Roseann Casey Ship Models January 23rd, 2018 - 10:28:06
Prior to 1600 the bell would have been placed on the stern deck.The ships bell is usually located forward at the break of the forecastle on ship models prior to the 18th century then moved to the after end of the fore castle deck. The ships cook (or his staff) traditionally has the job of shining the ships bell. Bells cast from metal were first developed in the Bronze Age. The ships bell is usually made of brass or bronze bright finished on the outside only and normally has the ships name and date of commission engraved or cast on it then filled in with black enamel. The bell clapper and clapper pin are of a metal composition with a suitable eye in the end for attaching the lanyard. There is a supporting eyebolt. The clapper of the ships bell would be supported by a bronze lug. The ship modeler has the choice of making bells by turning from brass on a lathe electro plating shell method or buying a prefabricated bell. Same with the belfry. A belfry can be carved from wood sculptured from metal or you can buy one premade. On some vessels the bell assembly was hung from the belfry. On other vessels the bell was hung on a curved iron post that was fastened to the deck.
Some readers of this article may find it too provocative but it needs to be said. After spending 30 years building ship models and twelve years selling radio controlled and wooden ship models to the hobby enthusiast I find there are some frustrations that never go away in the ship model building industry. Lets face it; the business of ship model building operates as a niche industry. Nonetheless radio controlled and wooden ship models are to the hobby enthusiast a very important past time. Rich in history technical challenges and a form of art and legacy; ship modeling is a very rewarding hobby.
Scandinavians developed Viking ships; one of the best ships built in Europe between 700 AD to the late 1000s and in 1300 A.D. introduced the stern rudder. The Mediterranean shipbuilders developed full-rigged sailing ship models in 1450 A.D. From there to the early 1800s ships used were constructed mostly using the plank on frame method rudder control and full-rigged sails. Galleons model ships launched to sea in the 1500s and used to the 1800s. The most famous ship models were the packet and clipper ships. Packet ships appeared in the Atlantic Ocean in the early 1800s followed by the Clipper ships during the 1840s. Both of these models were used as import ships.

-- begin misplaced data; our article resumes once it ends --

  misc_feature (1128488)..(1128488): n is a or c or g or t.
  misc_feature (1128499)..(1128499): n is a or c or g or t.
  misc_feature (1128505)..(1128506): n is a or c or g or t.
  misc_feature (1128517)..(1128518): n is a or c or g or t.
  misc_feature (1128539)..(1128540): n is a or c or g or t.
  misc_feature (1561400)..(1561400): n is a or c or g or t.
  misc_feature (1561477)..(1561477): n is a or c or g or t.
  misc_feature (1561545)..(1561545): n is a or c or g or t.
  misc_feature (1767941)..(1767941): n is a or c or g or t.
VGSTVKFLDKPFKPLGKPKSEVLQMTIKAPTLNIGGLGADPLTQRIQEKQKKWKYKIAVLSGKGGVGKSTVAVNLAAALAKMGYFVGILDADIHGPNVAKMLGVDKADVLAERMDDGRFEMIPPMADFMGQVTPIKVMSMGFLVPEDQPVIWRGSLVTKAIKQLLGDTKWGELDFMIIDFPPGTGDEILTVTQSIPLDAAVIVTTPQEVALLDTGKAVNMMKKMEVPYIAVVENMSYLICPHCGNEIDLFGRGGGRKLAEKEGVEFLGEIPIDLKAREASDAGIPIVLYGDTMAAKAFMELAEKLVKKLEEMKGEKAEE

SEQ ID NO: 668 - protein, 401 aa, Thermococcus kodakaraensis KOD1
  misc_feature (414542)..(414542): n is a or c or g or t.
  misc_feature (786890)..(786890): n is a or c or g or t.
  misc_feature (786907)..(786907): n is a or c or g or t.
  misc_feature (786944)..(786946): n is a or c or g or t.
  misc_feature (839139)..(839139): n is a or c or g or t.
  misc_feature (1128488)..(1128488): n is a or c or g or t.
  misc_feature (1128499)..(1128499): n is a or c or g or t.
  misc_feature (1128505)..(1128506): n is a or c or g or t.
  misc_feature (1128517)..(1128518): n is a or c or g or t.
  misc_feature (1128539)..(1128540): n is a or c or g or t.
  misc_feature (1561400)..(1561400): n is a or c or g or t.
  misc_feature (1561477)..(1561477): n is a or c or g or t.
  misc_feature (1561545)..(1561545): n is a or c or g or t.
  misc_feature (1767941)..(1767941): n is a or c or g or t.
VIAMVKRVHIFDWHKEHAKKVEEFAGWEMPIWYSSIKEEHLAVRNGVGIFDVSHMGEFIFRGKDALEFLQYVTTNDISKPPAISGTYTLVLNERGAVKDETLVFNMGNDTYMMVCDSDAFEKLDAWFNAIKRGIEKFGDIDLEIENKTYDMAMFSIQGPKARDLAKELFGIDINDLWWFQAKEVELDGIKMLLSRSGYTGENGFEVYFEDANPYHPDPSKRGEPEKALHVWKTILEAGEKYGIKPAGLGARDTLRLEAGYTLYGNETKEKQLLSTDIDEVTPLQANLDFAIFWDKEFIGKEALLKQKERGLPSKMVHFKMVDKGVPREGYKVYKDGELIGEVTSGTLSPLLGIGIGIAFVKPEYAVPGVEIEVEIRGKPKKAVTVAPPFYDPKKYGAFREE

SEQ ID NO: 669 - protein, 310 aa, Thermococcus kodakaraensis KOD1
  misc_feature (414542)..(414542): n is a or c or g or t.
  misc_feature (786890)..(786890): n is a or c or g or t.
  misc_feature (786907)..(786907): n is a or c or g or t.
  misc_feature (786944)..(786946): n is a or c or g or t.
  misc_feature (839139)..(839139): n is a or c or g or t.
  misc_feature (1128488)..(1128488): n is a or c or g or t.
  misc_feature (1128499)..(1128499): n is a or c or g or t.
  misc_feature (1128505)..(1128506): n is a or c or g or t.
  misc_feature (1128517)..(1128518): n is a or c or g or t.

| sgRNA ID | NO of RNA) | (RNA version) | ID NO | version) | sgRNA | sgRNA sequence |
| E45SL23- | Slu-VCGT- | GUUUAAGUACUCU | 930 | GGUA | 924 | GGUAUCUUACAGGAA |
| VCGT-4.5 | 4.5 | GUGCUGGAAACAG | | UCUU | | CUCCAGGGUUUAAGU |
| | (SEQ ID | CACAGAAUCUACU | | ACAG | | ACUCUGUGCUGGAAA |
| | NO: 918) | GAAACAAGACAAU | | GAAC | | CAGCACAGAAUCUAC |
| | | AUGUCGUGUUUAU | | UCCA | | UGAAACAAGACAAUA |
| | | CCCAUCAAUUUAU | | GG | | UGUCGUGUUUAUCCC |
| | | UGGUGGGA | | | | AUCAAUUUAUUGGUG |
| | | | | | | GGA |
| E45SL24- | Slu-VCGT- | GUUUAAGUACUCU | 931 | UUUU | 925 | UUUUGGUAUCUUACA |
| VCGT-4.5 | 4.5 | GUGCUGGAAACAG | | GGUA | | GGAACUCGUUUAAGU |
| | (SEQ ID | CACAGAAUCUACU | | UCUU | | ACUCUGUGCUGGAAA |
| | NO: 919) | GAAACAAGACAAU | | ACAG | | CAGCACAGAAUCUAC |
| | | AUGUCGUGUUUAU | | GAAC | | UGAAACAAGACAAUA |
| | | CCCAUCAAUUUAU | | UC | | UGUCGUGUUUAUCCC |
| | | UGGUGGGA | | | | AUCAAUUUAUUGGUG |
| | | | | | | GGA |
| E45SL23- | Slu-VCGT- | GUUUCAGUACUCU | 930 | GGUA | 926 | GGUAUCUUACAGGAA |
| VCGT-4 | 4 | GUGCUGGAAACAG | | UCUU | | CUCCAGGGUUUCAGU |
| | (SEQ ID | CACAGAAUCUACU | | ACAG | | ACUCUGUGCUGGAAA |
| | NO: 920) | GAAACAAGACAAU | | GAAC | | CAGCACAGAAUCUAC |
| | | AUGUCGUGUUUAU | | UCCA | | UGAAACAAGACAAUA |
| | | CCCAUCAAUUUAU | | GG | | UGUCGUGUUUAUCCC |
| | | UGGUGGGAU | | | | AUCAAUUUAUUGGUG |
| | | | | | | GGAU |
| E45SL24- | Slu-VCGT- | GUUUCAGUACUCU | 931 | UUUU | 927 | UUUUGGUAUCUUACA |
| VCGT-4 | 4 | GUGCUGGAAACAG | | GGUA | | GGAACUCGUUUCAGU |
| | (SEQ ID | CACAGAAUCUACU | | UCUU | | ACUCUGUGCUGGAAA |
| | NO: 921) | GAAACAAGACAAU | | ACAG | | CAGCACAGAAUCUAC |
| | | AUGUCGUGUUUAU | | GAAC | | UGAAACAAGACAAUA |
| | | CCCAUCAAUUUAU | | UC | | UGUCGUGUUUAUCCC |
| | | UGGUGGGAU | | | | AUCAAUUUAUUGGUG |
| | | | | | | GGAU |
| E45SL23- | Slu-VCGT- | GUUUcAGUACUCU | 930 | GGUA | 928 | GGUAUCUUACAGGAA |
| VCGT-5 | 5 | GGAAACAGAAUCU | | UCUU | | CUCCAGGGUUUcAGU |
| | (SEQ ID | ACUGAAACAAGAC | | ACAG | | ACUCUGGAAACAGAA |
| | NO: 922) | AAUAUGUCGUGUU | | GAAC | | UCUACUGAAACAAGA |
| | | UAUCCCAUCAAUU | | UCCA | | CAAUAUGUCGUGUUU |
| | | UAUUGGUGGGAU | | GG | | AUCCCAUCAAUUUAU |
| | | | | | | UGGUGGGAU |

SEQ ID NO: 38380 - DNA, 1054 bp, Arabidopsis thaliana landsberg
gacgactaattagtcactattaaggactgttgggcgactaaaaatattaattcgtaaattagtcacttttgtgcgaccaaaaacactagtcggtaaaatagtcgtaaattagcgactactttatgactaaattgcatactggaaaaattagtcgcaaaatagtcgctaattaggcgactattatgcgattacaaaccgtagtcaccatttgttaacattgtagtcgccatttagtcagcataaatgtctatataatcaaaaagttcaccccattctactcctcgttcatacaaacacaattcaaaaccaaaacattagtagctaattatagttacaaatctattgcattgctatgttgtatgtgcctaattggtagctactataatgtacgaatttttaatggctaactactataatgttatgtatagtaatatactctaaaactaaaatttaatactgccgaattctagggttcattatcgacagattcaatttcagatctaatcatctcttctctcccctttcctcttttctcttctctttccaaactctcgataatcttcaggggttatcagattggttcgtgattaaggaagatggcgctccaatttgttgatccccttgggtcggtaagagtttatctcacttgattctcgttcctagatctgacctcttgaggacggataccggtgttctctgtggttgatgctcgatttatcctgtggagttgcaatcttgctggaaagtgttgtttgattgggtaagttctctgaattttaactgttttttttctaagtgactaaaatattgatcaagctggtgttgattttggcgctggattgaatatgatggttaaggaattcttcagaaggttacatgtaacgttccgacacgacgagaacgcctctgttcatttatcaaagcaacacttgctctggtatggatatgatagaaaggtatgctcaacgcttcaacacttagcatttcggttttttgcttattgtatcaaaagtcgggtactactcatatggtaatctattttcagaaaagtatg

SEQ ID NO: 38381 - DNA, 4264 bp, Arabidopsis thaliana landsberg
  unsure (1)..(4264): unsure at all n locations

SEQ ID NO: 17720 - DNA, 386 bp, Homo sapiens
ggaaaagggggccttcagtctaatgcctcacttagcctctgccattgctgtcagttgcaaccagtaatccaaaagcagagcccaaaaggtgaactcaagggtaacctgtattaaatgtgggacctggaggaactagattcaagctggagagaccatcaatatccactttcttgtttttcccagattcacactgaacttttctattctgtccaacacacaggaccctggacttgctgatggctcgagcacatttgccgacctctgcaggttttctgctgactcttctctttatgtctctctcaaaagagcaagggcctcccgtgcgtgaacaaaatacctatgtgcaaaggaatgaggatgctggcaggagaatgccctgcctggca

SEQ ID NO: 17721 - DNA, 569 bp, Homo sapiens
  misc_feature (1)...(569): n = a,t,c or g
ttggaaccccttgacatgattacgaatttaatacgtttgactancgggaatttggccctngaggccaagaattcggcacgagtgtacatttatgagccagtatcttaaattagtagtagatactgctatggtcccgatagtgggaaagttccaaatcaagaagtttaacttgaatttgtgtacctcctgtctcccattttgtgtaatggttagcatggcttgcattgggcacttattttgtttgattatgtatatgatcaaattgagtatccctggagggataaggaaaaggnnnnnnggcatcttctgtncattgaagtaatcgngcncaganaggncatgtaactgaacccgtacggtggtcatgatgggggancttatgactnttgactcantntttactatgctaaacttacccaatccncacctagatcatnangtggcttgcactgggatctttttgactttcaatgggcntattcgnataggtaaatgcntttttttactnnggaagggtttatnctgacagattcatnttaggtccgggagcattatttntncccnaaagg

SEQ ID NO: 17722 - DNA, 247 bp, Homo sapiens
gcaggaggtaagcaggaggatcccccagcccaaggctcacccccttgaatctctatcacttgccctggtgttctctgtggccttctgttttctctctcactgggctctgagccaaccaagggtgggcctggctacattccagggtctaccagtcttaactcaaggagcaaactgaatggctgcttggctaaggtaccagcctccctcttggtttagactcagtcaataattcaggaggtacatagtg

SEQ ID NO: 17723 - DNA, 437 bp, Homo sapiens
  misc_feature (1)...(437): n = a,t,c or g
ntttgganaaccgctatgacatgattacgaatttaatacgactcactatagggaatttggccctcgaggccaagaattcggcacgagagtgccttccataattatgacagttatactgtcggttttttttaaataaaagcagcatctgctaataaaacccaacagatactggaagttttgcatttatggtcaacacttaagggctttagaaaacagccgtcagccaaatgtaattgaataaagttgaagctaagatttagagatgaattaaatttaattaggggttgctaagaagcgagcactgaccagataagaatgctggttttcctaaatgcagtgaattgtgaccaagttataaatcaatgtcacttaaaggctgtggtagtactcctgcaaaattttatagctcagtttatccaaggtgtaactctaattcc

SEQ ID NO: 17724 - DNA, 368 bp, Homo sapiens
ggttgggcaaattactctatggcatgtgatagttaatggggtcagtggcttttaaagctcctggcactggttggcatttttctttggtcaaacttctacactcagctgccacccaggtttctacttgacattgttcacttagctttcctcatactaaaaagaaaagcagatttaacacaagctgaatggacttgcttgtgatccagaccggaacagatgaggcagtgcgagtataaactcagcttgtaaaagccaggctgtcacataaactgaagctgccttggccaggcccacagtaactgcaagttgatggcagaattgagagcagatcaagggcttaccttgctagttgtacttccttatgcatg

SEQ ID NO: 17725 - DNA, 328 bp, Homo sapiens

The sailing ships had ferried a large number of slaves from countries in the African continent to the United States during the time of flourishing slave trade. With regard to the structure of the sailing ships every vessel has a hull rigging and a mast to hold up the sails that tap the wind to power the ship. Ballasting helps to weigh down the bottom of the ship so that the waves would not push the ship over. Convention had it that only a vessel with three or more masts was called a ship. Others were called a boat. Now the norm is ignored. The crew members who sail a ship are called sailors or hands who take turns to take the watch. In modern times the voyage of sailing ships for transportation of passengers and cargo is not desirable as this would take months. Expeditions explorations and scientific voyages or training jaunts are undertaken on sailing ships even at present. Fine models of sailing ships are on display at the prestigious American Marine Model Gallery in Salem Massachusetts. During the Great Age of Sail Salem Massachusetts was one of Americas busiest seaports and maritime centers.